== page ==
Prime Minister Tony Abbott says the opposition must want Virgin to have an advantage since it won’t unshackle Qantas.
He says Labor’s refusal to “take the shackles away” by supporting proposed changes to the Qantas Sale Act means it wants Virgin to have a better deal.
“I’m all in favour of Virgin. I think they’re a fine airline,” he told parliament during question time on Tuesday.
“But as long as (Opposition Leader Bill Shorten) persists in his current position, he is giving Virgin a better deal than Qantas.
“Why would any Australian want to see the big flying kangaroo disadvantaged?”
Mr Abbott confirmed cabinet had considered giving Qantas a debt guarantee.
“They asked for it, we thought about it and we rejected it,” he said, twice.
Opposition transport spokesman Anthony Albanese questioned Deputy Prime Minister Warren Truss about his view in December that amending the Qantas Sale Act would not be favoured by the public and would simply be a “waste of time and political energy”.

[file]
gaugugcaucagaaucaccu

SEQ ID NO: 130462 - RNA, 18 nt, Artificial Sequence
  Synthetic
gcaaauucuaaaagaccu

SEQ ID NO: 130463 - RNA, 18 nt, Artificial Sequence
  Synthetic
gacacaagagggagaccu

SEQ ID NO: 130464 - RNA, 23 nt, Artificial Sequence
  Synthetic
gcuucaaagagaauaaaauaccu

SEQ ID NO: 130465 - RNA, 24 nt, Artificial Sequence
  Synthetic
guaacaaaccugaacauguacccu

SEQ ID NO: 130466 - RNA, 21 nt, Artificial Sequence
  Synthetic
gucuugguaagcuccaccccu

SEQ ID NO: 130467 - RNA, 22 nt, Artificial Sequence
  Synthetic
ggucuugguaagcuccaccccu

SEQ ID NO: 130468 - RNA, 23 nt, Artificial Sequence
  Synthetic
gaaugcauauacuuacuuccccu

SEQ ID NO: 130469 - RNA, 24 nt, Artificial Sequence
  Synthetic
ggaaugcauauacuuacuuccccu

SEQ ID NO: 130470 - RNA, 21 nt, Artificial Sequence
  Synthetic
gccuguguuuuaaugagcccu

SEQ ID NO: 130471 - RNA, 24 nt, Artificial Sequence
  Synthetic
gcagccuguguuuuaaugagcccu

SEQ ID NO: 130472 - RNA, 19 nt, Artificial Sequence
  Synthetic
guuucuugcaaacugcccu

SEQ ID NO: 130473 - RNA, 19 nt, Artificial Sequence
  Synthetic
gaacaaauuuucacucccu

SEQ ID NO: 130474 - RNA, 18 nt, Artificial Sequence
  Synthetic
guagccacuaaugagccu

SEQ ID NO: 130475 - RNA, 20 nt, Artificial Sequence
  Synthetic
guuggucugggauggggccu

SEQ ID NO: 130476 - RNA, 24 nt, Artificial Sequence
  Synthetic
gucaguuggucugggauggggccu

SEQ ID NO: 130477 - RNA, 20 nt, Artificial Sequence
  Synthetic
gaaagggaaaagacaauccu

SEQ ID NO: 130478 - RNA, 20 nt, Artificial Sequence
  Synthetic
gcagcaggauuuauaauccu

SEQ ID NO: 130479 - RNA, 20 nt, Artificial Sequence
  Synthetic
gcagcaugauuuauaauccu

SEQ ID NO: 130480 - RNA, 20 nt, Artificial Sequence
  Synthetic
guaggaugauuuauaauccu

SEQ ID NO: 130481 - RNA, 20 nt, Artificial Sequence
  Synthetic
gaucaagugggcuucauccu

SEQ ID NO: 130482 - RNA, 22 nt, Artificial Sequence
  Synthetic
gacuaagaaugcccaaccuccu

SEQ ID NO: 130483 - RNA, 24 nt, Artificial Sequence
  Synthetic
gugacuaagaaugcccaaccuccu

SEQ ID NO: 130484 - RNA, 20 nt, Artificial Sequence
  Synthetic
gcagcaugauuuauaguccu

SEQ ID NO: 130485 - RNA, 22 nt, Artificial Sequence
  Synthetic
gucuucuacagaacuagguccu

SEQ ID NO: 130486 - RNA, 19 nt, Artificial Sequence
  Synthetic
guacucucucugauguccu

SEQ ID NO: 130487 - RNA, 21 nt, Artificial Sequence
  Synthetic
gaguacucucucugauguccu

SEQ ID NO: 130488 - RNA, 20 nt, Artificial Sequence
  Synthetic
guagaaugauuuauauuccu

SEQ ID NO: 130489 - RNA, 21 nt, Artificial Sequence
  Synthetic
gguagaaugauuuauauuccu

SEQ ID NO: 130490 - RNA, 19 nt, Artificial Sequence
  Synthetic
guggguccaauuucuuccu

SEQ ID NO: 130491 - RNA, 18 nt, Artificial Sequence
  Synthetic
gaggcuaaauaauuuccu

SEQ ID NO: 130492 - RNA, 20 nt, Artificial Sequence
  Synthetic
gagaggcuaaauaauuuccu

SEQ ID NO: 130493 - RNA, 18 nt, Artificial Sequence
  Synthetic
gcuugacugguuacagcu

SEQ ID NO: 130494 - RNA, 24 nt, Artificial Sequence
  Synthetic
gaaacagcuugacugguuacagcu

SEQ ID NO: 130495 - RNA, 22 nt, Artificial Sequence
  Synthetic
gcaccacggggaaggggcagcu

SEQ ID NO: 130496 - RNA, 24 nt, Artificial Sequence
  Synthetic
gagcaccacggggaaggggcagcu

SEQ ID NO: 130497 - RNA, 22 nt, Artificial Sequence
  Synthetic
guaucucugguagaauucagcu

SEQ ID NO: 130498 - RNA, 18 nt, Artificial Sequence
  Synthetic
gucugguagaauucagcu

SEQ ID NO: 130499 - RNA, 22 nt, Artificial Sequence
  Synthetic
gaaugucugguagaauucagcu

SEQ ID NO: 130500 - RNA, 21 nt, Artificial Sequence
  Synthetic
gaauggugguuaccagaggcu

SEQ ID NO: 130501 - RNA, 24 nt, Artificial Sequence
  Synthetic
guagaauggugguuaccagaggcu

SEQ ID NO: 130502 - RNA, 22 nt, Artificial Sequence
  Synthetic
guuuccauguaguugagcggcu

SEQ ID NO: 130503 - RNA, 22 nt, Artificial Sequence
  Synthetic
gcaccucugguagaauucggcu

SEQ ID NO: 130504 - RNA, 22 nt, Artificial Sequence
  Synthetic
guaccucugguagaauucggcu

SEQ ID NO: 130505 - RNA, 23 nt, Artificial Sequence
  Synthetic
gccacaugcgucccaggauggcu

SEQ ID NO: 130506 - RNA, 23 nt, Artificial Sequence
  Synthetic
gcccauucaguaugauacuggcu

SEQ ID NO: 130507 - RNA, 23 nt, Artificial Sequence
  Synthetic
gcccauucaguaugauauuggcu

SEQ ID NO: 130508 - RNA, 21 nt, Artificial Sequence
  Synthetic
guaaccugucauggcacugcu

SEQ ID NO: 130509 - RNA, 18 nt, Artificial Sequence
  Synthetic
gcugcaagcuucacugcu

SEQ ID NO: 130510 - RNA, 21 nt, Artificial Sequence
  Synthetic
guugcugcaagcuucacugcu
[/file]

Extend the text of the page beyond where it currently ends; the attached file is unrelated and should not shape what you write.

“Why is this now the government’s sole initiative to assist Qantas?” Mr Albanese asked.
But Mr Truss turned the question back on federal Labor, saying he had had “little hope” at the time Labor would ever agree to the amendment.
“At that time I … was very pessimistic that the opposition would have sufficient vision, sufficient foresight, sufficient faith in Qantas, to allow appropriate changes to occur to the Qantas Sale Act,” he said to jeers from the opposition.
“Since that time, Qantas’s position has become markedly worse.”
Mr Albanese unsuccessfully attempted to table a transcript of the comments.
“I’m trying to assist the minister here….I’m trying to do it politely…I do try.”
Speaker Bronwyn Bishop stood him down.
“Sometimes you’re a bit trying,” she said.